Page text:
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From William A Rowe Jr <wr...@rowe-clan.net>
Subject Re: svn commit: r1799375 - /httpd/httpd/trunk/server/util.c
Date Wed, 21 Jun 2017 13:49:33 GMT
On Wed, Jun 21, 2017 at 1:08 AM, William A Rowe Jr <wrowe@rowe-clan.net> wrote:
>
> But there were only two questionable values for \0, and in this case the
> answer is obvious. Invert the rule to a TOKEN char from the rather dubious
> TOKEN_STOP definition. Solved.

... for trunk, IMO. I don't suggest we touch this code again on
2.4 branch. For trunk, when I encounter the concept of a STOP
I envision there is a set of defined delimiters (e.g. punctuation/ctrls)
which serve as terminators. What HTTP defined was the set of
token characters in the bnf. T_HTTP_NOT_TOKEN would have
been a better name for the existing rule. T_HTTP_TOKEN is
simply a better understood rule.

On to whether element [NUL] tests aught to be trustable or
unused; My research (unsure if this was shared earlier) starts
with tests of isfn('\0');

isalnum  false
isalpha  false
iscntrl  true
isdigit  false
isgraph  false
islower  false
isprint  false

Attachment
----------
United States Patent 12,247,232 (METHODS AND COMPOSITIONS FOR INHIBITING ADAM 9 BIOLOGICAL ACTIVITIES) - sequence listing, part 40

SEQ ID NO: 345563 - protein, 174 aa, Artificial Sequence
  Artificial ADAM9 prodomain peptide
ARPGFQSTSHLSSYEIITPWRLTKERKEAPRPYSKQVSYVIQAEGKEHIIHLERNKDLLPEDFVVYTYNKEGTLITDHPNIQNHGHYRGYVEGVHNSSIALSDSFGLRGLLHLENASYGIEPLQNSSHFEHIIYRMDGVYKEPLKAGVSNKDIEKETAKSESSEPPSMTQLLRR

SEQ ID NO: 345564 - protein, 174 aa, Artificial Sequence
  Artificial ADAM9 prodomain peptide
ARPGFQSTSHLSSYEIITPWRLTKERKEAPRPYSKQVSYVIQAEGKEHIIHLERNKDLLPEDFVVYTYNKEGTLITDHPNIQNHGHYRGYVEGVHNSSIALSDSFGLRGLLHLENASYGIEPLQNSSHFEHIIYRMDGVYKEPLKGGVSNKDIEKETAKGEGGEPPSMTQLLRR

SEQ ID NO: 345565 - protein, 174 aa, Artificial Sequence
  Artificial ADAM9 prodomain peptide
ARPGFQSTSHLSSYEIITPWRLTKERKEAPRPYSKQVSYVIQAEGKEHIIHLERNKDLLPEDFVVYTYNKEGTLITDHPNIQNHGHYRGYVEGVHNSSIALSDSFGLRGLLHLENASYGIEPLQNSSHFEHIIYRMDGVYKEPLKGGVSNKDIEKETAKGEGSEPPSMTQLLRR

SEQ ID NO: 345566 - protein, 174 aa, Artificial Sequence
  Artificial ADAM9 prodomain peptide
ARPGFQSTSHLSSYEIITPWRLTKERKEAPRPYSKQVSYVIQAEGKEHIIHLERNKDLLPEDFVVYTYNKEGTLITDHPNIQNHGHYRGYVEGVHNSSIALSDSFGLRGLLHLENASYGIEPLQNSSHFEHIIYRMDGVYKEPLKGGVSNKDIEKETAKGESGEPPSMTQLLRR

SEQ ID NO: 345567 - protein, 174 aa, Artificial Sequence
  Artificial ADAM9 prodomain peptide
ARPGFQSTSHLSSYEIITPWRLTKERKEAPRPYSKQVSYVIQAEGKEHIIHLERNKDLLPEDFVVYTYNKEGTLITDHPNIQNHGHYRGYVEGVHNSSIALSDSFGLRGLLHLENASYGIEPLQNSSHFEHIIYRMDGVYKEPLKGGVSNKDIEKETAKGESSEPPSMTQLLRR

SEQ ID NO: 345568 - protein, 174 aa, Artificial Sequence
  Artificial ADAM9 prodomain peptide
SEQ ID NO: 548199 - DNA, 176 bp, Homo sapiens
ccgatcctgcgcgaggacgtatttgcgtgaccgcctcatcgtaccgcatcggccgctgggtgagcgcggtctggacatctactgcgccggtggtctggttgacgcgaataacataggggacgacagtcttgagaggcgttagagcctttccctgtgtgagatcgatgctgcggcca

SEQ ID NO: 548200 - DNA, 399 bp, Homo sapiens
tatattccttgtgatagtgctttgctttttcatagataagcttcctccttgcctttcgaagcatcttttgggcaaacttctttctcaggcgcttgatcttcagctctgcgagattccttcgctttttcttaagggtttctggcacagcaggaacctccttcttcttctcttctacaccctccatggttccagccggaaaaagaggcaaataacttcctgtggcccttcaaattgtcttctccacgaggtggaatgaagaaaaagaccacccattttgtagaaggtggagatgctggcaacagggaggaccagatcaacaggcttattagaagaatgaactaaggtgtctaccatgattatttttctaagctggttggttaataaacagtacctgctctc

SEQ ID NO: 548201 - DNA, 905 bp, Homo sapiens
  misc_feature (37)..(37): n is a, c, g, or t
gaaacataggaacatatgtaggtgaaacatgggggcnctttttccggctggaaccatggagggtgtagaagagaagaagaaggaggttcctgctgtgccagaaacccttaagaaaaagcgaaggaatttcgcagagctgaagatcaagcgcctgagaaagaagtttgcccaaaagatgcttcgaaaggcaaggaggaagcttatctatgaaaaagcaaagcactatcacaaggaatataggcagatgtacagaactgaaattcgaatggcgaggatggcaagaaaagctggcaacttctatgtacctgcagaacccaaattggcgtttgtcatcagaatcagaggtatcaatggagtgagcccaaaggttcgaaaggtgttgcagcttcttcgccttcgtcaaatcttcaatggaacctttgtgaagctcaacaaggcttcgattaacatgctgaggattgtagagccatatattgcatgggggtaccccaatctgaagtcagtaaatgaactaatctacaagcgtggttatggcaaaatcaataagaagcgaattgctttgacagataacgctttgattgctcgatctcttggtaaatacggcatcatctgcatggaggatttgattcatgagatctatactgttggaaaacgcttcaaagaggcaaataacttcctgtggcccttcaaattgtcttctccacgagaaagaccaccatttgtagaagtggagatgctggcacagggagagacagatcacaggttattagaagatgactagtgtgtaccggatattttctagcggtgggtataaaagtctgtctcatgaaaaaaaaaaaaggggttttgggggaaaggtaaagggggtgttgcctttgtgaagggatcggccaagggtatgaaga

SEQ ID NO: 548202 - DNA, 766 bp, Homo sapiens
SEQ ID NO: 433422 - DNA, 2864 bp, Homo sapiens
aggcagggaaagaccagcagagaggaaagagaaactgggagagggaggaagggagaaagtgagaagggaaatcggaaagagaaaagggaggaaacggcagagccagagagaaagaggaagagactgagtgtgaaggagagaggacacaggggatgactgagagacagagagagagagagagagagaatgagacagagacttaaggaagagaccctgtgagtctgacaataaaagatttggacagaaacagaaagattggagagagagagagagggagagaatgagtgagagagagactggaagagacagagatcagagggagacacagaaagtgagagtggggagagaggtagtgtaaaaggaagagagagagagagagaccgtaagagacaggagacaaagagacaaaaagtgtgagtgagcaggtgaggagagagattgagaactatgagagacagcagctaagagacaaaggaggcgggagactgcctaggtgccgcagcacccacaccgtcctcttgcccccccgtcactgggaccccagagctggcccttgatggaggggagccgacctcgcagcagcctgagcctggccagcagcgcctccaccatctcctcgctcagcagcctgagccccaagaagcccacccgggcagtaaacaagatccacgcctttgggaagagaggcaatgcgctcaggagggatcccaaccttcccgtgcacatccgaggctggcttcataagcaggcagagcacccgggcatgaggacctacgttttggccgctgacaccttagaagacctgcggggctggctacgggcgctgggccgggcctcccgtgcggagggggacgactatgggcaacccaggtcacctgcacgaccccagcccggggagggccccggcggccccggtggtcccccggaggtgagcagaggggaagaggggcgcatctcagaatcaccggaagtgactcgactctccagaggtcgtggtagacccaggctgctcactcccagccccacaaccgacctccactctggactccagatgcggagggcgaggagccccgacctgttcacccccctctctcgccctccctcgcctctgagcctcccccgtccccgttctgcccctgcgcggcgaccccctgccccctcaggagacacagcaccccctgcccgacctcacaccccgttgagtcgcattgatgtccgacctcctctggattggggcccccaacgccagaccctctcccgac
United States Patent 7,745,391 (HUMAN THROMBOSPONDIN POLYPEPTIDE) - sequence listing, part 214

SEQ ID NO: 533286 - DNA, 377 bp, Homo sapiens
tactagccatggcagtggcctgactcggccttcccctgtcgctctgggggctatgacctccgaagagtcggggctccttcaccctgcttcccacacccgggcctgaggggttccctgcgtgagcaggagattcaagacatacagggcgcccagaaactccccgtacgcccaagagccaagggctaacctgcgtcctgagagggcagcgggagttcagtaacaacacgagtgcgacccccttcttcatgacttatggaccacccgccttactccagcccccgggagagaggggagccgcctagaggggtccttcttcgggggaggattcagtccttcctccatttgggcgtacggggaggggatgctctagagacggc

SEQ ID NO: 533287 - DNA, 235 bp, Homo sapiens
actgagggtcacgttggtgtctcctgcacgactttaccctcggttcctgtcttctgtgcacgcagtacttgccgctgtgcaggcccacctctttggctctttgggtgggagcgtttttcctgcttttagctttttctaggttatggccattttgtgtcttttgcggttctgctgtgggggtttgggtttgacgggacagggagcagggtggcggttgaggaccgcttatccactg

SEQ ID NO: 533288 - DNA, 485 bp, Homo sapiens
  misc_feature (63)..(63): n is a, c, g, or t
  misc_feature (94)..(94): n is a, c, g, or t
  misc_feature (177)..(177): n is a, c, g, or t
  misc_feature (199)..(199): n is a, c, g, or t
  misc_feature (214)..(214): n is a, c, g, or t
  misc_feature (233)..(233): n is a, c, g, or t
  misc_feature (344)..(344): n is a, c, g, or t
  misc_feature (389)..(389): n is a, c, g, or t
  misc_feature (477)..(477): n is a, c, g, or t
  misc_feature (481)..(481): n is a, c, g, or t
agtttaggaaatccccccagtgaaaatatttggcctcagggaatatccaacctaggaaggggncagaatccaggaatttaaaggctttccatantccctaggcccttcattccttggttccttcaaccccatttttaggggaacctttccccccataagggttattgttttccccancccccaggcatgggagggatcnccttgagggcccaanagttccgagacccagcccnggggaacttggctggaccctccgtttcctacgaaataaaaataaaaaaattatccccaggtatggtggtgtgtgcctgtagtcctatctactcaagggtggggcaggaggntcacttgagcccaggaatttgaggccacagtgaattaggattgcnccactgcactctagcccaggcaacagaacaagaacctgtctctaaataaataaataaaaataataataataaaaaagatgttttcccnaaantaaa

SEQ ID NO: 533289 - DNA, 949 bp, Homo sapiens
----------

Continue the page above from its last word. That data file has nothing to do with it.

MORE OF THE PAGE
ispunct  false
isspace  false
isupper  false
isxdigit false
isascii  true
isblank  false

In each case above, the isfn('\0') results are plainly obvious, right
down to iscntrl(NUL)'s and isascii(NUL)'s result. Our resulting
test_char table values include element [NUL] as well, and it needs
to be sensible for the many purposes...

Our declarations;

T_ESCAPE_SHELL_CMD     false (correct, \0 is EOS, not a char)
T_ESCAPE_PATH_SEGMENT  false (correct, \0 is EOS, not a char)
T_OS_ESCAPE_PATH       false (correct, \0 is EOS, not a char)
T_HTTP_TOKEN_STOP      true (correct, \0 is a non-token byte)
T_ESCAPE_LOGITEM       false (correct, \0 is EOS not a char)
T_ESCAPE_FORENSIC      true (interesting/debatable)
T_ESCAPE_URLENCODED    false (correct, \0 is EOS not a char)
T_HTTP_CTRLS           true (correct, \0 is NUL, non VCHAR)
T_VCHAR_OBSTEXT        false (correct, \0 is NUL < 0x80)

In the _ESCAPE's we are escaping a string, and NUL's terminate
a string and are not escaped. Any NUL byte traveling the wire
needs to be evaluated by the appropriate TOKEN, CTRLS or
OBSTEXT rule by HTTP RFC.

The T_ESCAPE_FORENSIC case inverts the general rule for
command lines and paths we are constructing, but as a symbol
over the wire, I can agree with the idea of logging an escaped \0
in the case of a NUL input byte. This differs from logging in that
our logging API has no counted-string semantic (if it did, I guess
we would encrypt \0's.)

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